+44 (0)113 343 3495
Summary: Nineteenth and early twentieth-century French literature; comparative literature; the fin de siècle; dilettantism and cosmopolitanism.
Director of French (Subject Leader)
Subject Leader for Comparative Literature:
Director of the Centre for World Literatures:
My first degree was in French and German at Royal Holloway, University of London, which included a year working as an assistant in Strasbourg. After this I spent a year as a DAAD-funded visiting student at the University of Augsburg, followed by a MA in Comparative Literature at the University of East Anglia. I then took a PGCE at the University of Exeter and spent a year teaching French and German at various schools in London and Surrey. After this I returned to UEA to study for a PhD in Comparative Literature, during and after which I taught French there part-time. Before joining the Department at Leeds in 2007 I held two one-year Lectureships in French, at the National University of Ireland, Galway and at the University of York.
I currently teach on the following modules: Resistance and Desire: Introduction to French Studies (Level 1); The Pleasures of French Poetry (Level 2); Reception, Transmission, Translation: The Global Circulation of Literature (Level 2) ; Contemporary World Literature (Level 3). I also teach on the school-wide Level 1 cornerstone module Worlds of Literature, which is a core module of the BA in English and Comparative Literature. I oversee the final-year projects in Comparative Literature and supervise projects on a variety of topics.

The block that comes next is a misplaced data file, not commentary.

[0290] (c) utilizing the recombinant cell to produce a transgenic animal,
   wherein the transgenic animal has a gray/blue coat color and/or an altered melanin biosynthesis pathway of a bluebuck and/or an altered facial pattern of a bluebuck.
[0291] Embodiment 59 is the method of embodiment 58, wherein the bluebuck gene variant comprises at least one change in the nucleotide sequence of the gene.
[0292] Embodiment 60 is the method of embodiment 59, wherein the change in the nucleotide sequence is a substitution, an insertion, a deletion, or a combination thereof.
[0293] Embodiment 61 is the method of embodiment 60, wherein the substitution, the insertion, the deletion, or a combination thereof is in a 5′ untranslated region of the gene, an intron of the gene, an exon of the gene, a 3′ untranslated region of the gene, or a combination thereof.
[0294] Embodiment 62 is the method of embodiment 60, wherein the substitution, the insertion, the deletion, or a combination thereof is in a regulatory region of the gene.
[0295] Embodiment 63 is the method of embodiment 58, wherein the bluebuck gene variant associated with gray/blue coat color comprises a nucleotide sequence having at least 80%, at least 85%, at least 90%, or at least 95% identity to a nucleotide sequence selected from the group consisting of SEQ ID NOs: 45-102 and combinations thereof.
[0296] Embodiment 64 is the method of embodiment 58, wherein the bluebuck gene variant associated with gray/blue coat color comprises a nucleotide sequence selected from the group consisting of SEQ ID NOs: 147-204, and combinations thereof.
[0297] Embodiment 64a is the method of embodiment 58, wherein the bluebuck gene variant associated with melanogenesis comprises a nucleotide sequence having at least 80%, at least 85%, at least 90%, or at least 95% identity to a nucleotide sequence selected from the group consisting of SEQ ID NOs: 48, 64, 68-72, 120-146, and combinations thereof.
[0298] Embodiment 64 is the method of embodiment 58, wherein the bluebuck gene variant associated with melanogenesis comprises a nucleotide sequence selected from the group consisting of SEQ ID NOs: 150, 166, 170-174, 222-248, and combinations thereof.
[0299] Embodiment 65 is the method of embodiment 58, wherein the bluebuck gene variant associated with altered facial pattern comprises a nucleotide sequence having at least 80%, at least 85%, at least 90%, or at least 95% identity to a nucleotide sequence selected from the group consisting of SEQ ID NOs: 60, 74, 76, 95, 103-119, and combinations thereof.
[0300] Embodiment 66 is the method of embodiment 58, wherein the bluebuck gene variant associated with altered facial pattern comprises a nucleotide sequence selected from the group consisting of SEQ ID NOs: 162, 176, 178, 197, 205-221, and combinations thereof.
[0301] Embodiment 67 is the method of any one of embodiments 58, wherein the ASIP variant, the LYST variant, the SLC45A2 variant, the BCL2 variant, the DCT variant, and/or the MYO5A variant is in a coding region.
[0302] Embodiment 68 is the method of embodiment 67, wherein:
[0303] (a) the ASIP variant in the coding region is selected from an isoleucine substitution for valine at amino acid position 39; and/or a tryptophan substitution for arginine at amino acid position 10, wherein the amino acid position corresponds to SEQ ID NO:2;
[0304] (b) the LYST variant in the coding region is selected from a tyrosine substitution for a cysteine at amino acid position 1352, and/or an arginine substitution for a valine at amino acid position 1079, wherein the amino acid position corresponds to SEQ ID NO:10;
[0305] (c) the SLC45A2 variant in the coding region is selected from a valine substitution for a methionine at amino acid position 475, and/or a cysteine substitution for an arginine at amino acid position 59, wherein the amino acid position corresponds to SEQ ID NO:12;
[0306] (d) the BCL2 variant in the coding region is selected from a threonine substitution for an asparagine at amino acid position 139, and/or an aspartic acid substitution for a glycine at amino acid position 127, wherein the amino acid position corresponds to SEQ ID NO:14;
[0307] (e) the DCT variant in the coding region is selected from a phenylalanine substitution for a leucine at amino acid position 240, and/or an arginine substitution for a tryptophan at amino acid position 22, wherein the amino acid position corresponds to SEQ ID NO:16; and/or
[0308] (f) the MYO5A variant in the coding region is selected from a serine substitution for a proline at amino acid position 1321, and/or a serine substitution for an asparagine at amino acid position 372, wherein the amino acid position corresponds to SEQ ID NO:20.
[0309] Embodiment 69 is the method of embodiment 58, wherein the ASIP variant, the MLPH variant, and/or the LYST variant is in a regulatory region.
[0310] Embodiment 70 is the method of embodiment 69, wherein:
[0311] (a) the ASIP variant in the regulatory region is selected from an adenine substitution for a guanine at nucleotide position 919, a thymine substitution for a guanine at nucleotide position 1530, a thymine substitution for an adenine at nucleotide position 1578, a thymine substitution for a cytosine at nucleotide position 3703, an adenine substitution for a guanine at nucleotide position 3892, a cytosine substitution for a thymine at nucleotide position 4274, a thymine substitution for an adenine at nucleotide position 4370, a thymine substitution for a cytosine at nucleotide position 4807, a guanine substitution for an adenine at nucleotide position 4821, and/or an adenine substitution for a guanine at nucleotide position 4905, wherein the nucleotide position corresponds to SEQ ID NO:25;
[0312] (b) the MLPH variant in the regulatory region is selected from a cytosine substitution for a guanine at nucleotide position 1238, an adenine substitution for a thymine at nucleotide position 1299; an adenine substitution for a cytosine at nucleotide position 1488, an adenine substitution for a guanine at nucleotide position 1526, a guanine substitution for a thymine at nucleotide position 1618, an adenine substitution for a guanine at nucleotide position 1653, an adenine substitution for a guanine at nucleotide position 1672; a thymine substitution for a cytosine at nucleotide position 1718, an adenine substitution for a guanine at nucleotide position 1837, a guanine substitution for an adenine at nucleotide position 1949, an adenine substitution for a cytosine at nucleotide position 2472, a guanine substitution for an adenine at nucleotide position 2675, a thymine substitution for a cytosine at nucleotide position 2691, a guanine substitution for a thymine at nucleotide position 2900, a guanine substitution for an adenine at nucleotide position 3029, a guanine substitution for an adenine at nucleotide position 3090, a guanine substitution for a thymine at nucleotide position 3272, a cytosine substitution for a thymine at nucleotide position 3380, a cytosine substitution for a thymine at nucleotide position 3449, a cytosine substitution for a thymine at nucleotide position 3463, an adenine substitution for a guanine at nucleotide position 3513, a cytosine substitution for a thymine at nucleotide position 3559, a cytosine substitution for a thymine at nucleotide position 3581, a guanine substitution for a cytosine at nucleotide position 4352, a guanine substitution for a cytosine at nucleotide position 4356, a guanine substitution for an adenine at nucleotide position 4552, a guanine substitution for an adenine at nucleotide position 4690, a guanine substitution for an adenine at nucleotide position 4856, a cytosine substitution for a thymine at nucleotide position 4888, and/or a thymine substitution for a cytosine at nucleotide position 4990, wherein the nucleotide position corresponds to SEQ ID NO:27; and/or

My research interests encompass two overlapping areas. The first is nineteenth- and early twentieth-century French and comparative literature, with particular emphases on cultural exchange, the reception of fin-de-siècle literature, and the concepts of dilettantism and cosmopolitanism. This research has led to publications on Baudelaire, Bourget, Laforgue, Rimbaud, Rodenbach, Henry James, Thomas Mann and Oscar Wilde. I am currently working on the transnational cultural field in the nineteenth century, which is linked to my membership of Writing 1900, an international and cross-disciplinary research network:
My second area of research is informed by my wider interest in English, French and German literature from a comparative perspective, stretching from Montaigne to W. G. Sebald. This includes my first book, Dilettantism and its Values: From Weimar Classicism to the Fin de Siècle (Legenda, 2006), and an ongoing interest in digression, experimentation and narratology. In 2011 I co-edited with Dr Jo Catling (UEA) a volume of essays on W. G. Sebald, entitled Saturn's Moons: W. G. Sebald - A Handbook (Legenda).
I am on the Executive Committee of the British Comparative Literature Association:
and one of the General Editors of its journal Comparative Critical Studies, published by Edinburgh University Press:
I am also on the Executive Committee of the European Society of Comparative Literature:
At Leeds I am a member of the Literary Studies Research Group in the School of Modern Languages and Cultures:
and one of the founding organisers of International Writers at Leeds, a programme of visiting writers in partnership with Leeds Central Library:
I am interested in supervising research on the following areas: French and comparative fin-de-siècle literature, culture and thought, cosmopolitanism, cultural exchange, reception and translation during the late nineteenth- and early twentieth-century; different conceptions of dilettantism; comparative topics, particularly with a focus on literature in French and German; world literature.
Other Capitals of the Nineteenth Century: An Alternative Mapping of Literary and Cultural Space, ed. by Richard Hibbitt (New York: Palgrave Macmillan, 2017)
Saturn's Moons: W. G. Sebald - A Handbook, ed. by Jo Catling and Richard Hibbitt (Oxford: Legenda, 2011)http://www.mhra.org.uk/cgi-bin/legenda/legenda.pl?catalogue=b9781906540029